CP: Plants, as I said before, occupy a central place in my intimacy, and there is an intention to bring that intimate to the public plane. With the exchange there is a first instance that has to do with putting the person into action, inviting them to be part of the performance. And a second one that occurs at home, when he chose the segment or plant that he brought to the sample, and when he returns with a new plant. The relationship is established with the work, with the plant, with the experience it lived.
I think that the ecological goes through Plantario in some way, there is a direct invitation for the viewer to interact with the plants and be responsible or not for the care. I was also very interested in creating a space for physical and material exchange, in which unknown people meet, chat, form a community.
Bartering also interested me from the practical aim of thinking about acquiring plants without having to go to the nursery to buy them, which I always suffered because I could never have enough money for everything I would like to have. Barter as a form of self-sustaining economy.
Everything that happened during the exchanges was super interesting, from the talks that were given, the things that people brought, from flower or vegetable seeds, aquatic plants, chamomiles, grown plants, freshly cut branches that never went to survive. There were all kinds of conversations, not only with me, but among the participants who were often much more expert on plants than I was. I never imagined that so many people would go with their plants in hand, suddenly I was inside a fiction in which I did not know what was going to happen, and the surprise was great: many people, a lot of love hanging around.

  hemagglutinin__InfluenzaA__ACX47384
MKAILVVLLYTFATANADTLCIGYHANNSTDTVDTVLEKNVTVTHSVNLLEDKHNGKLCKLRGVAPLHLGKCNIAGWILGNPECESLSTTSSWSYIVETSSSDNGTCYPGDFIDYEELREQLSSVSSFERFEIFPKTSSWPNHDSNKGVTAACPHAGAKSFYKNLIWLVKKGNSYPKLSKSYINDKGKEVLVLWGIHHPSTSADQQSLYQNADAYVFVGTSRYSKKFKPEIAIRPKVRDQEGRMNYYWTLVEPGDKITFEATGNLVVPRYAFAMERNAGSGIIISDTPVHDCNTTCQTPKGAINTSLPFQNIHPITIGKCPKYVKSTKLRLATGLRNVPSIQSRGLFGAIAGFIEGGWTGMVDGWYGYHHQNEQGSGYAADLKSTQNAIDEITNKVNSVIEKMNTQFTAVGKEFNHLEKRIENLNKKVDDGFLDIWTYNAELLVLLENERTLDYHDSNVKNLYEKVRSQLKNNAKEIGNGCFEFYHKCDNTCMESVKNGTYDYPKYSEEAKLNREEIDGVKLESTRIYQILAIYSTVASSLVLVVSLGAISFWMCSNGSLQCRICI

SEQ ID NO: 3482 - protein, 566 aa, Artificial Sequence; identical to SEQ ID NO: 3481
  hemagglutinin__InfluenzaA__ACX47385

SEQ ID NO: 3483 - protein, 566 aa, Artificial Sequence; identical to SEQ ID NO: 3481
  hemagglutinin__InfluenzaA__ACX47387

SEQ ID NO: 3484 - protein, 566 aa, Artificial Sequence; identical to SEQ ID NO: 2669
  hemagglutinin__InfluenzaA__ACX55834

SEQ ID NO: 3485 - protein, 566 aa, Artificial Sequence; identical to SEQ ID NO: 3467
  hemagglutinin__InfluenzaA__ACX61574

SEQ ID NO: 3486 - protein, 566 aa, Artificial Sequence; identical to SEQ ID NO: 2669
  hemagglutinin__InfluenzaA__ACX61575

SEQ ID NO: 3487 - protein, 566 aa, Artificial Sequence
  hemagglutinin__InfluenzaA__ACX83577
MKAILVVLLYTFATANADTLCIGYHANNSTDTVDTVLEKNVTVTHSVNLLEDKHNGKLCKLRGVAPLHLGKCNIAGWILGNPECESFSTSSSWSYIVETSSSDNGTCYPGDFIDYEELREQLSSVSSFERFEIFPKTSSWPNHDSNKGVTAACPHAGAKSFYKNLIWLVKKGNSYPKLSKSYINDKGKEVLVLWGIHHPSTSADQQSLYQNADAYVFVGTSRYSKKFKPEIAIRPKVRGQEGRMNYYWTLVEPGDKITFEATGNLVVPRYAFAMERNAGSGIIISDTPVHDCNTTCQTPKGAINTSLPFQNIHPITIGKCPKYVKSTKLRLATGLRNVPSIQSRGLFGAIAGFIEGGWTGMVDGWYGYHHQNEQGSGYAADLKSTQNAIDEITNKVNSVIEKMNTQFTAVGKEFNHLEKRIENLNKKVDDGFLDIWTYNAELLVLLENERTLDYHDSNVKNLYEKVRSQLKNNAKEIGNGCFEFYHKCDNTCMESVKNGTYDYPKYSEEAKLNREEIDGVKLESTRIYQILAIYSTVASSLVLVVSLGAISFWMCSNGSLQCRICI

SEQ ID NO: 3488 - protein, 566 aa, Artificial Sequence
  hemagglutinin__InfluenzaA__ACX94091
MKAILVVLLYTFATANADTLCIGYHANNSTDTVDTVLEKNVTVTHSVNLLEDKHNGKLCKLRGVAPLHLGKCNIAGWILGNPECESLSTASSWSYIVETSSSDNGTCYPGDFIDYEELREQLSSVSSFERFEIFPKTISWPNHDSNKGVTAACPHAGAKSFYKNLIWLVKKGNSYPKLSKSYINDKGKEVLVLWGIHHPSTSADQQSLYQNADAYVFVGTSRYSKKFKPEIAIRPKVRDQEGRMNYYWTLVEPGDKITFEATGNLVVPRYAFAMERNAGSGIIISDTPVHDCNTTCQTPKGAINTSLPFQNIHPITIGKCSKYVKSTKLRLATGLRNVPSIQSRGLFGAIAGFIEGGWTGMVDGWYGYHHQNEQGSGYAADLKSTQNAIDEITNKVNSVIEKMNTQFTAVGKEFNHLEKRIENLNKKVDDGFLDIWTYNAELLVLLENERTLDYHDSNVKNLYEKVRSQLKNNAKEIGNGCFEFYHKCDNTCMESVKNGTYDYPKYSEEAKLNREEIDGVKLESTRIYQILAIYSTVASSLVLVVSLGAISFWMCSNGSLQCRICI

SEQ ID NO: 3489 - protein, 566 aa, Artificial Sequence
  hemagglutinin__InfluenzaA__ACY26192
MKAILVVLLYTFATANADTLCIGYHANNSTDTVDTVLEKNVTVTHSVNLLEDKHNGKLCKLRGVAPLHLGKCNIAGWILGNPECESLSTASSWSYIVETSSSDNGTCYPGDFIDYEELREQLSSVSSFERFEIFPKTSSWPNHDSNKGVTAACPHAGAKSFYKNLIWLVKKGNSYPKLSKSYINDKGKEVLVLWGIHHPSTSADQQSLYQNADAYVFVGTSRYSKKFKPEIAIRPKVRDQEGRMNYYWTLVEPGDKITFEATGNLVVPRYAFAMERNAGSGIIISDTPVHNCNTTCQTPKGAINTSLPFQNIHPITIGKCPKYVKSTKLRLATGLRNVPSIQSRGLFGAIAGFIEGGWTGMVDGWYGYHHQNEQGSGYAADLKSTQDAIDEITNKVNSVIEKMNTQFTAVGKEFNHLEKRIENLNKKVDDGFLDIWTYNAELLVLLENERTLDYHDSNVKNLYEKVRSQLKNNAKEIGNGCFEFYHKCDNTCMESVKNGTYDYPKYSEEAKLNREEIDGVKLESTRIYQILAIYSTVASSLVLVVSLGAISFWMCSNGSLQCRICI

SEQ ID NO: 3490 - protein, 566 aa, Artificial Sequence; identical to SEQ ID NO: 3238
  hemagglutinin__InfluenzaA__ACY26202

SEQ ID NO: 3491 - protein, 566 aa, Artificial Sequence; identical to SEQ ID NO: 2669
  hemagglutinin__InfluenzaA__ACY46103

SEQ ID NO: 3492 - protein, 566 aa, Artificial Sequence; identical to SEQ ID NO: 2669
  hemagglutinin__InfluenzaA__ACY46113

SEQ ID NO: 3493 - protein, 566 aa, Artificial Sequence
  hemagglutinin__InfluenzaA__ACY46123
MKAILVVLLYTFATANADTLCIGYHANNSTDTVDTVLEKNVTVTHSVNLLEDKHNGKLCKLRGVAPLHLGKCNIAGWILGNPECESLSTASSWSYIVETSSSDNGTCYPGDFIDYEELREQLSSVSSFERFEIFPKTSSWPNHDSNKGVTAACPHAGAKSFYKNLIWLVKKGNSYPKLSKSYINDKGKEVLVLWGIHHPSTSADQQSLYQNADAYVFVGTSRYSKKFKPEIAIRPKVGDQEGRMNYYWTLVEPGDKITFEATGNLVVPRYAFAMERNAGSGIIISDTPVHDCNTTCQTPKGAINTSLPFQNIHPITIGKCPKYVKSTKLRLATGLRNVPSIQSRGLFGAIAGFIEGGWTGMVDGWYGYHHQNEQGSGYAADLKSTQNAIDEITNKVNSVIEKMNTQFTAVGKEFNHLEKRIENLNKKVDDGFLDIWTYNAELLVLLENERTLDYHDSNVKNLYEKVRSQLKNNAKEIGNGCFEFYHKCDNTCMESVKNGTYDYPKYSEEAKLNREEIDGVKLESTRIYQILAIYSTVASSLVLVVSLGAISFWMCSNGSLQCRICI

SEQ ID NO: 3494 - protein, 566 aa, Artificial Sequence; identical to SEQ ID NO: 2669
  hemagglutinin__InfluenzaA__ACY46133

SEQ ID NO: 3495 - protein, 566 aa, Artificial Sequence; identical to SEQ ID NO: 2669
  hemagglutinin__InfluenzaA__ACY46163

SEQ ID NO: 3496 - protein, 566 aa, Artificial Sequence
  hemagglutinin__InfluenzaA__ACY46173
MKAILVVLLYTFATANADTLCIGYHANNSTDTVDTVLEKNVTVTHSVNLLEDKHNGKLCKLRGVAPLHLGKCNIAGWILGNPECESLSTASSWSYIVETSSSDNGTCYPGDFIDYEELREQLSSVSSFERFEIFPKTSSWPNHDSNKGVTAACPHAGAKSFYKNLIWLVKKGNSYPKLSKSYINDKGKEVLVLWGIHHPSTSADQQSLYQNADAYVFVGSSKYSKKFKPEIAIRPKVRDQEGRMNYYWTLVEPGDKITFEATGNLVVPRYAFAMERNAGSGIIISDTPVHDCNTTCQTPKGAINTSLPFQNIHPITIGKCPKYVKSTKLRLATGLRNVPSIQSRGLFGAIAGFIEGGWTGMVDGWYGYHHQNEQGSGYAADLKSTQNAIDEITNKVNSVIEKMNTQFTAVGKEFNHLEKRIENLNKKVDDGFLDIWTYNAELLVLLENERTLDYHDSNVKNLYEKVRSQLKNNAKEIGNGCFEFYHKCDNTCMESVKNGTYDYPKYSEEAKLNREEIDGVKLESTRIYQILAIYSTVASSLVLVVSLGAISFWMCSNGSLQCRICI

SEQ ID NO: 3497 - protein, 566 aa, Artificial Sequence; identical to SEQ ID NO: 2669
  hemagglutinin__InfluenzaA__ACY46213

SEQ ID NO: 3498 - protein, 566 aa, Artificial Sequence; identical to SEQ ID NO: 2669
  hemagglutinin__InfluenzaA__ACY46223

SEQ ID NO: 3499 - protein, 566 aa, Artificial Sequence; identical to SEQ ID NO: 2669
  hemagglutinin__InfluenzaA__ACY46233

SJR: The word “ecology” does not appear explicitly in this work. However, it can be read in an ecological key, with a very personal and intimate perspective of yours. Did the ecological occupy a conscious place in Plantario?